New Delhi: The Supreme Court on Monday issued notices to the central and the Uttar Pradesh governments on a plea for a CBI probe into the killing of journalist Jagendra Singh, allegedly at the behest of state minister Ram Murti Verma.
A vacation bench comprising Justices M.Y. Eqbal and Arun Mishra issued the notice on a public interest litigation (PIL) after senior counsel Adish C. Aggarwala urged the court to direct the CBI to probe the case.
The notice has also been issued to the Press Council of India. All three have to respond within two weeks.
PIL petitioner S. Jain urged the court to frame guidelines and issue directions that in the case of an unnatural death of a journalist, the investigation should be monitored by the district and sessions judge.
Jagendra Singh, a Saharanpur-based journalist, was doused with kerosene and allegedly set on fire by some Uttar Pradesh police personnel after a raid at his residence. He died of burn injuries on June 8.
Jagendra Singh had allegedly earned the wrath of minister Verma for posting the minister’s alleged illegal mining and land grabbing activities on his Facebook page.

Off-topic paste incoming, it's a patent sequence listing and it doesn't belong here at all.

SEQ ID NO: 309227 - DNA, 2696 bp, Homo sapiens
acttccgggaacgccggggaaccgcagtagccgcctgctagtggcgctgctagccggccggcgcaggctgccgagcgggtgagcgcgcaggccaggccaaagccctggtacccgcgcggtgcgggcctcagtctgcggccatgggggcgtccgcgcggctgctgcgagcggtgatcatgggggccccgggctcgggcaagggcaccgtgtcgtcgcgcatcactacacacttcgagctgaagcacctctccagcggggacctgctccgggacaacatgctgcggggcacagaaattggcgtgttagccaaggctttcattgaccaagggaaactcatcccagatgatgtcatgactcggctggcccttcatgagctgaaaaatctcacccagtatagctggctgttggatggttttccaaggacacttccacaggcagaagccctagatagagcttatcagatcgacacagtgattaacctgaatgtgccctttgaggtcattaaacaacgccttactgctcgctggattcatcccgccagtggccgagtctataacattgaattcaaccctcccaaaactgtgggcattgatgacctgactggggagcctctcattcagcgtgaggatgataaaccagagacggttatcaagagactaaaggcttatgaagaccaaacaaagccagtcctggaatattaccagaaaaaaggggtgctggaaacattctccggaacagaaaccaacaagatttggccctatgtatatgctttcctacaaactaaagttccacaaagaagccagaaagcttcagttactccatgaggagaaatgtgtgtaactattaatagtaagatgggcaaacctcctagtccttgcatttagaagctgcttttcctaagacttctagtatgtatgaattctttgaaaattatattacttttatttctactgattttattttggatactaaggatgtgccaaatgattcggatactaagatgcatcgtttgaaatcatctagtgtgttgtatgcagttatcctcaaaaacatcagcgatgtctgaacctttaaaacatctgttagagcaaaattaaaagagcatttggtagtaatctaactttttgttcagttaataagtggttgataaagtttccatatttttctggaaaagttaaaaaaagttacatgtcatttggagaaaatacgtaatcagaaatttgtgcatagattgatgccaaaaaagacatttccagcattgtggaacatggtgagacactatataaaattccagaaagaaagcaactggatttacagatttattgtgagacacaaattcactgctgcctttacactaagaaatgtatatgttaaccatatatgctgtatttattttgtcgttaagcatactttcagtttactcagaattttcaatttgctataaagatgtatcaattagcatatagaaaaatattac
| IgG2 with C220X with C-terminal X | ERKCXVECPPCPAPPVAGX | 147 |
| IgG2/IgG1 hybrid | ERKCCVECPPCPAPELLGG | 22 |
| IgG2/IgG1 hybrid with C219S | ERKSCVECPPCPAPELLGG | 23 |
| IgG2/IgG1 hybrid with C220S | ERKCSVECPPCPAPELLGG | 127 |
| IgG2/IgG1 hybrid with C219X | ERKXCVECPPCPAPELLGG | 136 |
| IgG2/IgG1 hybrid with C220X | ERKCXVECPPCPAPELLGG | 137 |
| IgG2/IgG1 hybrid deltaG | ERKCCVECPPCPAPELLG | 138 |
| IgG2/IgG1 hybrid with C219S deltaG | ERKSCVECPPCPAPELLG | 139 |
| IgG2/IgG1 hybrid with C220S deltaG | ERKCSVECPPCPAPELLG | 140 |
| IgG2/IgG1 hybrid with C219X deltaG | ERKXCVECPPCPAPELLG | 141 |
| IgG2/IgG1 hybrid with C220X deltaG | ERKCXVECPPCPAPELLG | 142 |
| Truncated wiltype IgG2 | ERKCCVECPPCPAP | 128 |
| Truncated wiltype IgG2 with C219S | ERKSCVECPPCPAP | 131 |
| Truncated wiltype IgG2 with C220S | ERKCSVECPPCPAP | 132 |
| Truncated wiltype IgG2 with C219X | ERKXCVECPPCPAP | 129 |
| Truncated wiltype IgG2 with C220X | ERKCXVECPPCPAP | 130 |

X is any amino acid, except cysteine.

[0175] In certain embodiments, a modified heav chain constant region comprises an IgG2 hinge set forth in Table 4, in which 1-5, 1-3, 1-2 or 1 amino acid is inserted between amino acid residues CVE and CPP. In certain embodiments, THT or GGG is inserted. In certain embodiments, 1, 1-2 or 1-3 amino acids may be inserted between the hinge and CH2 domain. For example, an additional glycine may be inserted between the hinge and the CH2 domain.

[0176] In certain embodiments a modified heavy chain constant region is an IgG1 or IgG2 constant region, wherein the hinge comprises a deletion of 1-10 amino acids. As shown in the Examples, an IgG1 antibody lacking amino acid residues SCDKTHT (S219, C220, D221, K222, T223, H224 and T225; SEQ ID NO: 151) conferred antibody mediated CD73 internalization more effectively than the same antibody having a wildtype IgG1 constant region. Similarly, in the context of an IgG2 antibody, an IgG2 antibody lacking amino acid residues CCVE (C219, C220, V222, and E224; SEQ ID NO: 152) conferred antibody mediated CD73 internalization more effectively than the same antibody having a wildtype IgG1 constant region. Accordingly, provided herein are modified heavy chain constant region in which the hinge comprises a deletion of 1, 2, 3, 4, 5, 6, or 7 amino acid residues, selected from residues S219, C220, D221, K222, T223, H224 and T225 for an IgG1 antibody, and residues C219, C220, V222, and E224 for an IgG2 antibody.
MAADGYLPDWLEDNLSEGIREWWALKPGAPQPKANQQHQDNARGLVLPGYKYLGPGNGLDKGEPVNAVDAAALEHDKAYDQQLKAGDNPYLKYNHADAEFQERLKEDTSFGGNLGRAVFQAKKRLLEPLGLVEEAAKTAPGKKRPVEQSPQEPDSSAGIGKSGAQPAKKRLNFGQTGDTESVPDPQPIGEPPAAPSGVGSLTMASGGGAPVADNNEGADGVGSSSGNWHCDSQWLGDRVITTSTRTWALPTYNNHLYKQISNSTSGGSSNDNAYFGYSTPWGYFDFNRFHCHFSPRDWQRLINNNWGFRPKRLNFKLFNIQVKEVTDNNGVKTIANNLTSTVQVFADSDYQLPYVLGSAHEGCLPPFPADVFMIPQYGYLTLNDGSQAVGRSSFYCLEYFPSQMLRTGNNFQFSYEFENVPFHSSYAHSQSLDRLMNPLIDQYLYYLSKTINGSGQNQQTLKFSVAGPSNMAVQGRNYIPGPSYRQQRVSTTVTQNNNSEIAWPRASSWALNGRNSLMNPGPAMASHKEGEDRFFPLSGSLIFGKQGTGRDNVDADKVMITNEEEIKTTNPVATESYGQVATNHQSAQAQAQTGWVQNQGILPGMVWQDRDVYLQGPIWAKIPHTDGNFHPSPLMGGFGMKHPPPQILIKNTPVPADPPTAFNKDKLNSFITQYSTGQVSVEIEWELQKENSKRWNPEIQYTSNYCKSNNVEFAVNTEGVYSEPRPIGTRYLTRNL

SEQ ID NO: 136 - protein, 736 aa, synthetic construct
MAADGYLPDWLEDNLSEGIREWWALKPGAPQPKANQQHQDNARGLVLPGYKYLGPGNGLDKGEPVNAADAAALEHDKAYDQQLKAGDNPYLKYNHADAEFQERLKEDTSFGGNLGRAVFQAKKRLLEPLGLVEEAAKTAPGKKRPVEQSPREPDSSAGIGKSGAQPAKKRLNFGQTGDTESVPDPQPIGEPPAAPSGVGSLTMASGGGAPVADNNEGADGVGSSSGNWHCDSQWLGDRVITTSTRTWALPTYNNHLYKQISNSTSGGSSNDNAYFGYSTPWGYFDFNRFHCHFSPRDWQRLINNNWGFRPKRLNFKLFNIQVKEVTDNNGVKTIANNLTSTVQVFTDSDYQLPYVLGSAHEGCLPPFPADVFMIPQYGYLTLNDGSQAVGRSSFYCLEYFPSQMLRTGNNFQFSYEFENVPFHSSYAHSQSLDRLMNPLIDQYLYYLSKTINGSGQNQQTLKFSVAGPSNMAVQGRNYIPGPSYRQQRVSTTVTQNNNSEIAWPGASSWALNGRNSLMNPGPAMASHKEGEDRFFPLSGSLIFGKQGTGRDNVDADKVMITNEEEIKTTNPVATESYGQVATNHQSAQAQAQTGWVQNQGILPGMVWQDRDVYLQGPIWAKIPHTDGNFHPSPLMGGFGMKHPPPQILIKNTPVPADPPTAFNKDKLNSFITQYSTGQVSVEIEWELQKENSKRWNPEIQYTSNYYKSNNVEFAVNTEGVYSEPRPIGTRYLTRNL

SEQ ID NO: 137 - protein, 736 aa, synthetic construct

The PIL petitioner said Jagendra Singh apprehended danger to his life from Verma and said so on his Facebook on May 22.
“In spite of all the evidence, no arrest has been made by the state police and there is every likelihood of destruction of evidence by them”, the PIL said.
Saying this was no isolated incident, the PIL petitioner said the “security of Indian journalists has long been compromised, particularly in small towns where the local authorities can wield enormous power”.
The PIL quoted a Press Council of India report which said 79 journalists were murdered in the country in the last two-and-a-half years. The record of conviction has been dismal.
Telling the court that India was most dangerous country for journalists after Iraq, the Philippines, Pakistan and Mexico, the PIL said the Britain-based International News Safety Institute has put the number of journalists killed in India at 69 between 2004 and 2014.
The PIL said Paris-based ‘Reporters Without Borders’ ranked India at 136 out of 180 nations in a 2015 World Press freedom Index.
A free and independent press was one of the pillars of democracy, and Jagendra Singh’s murder was an “attack on the freedom of press and attack on Indian democracy”, the petitioner said.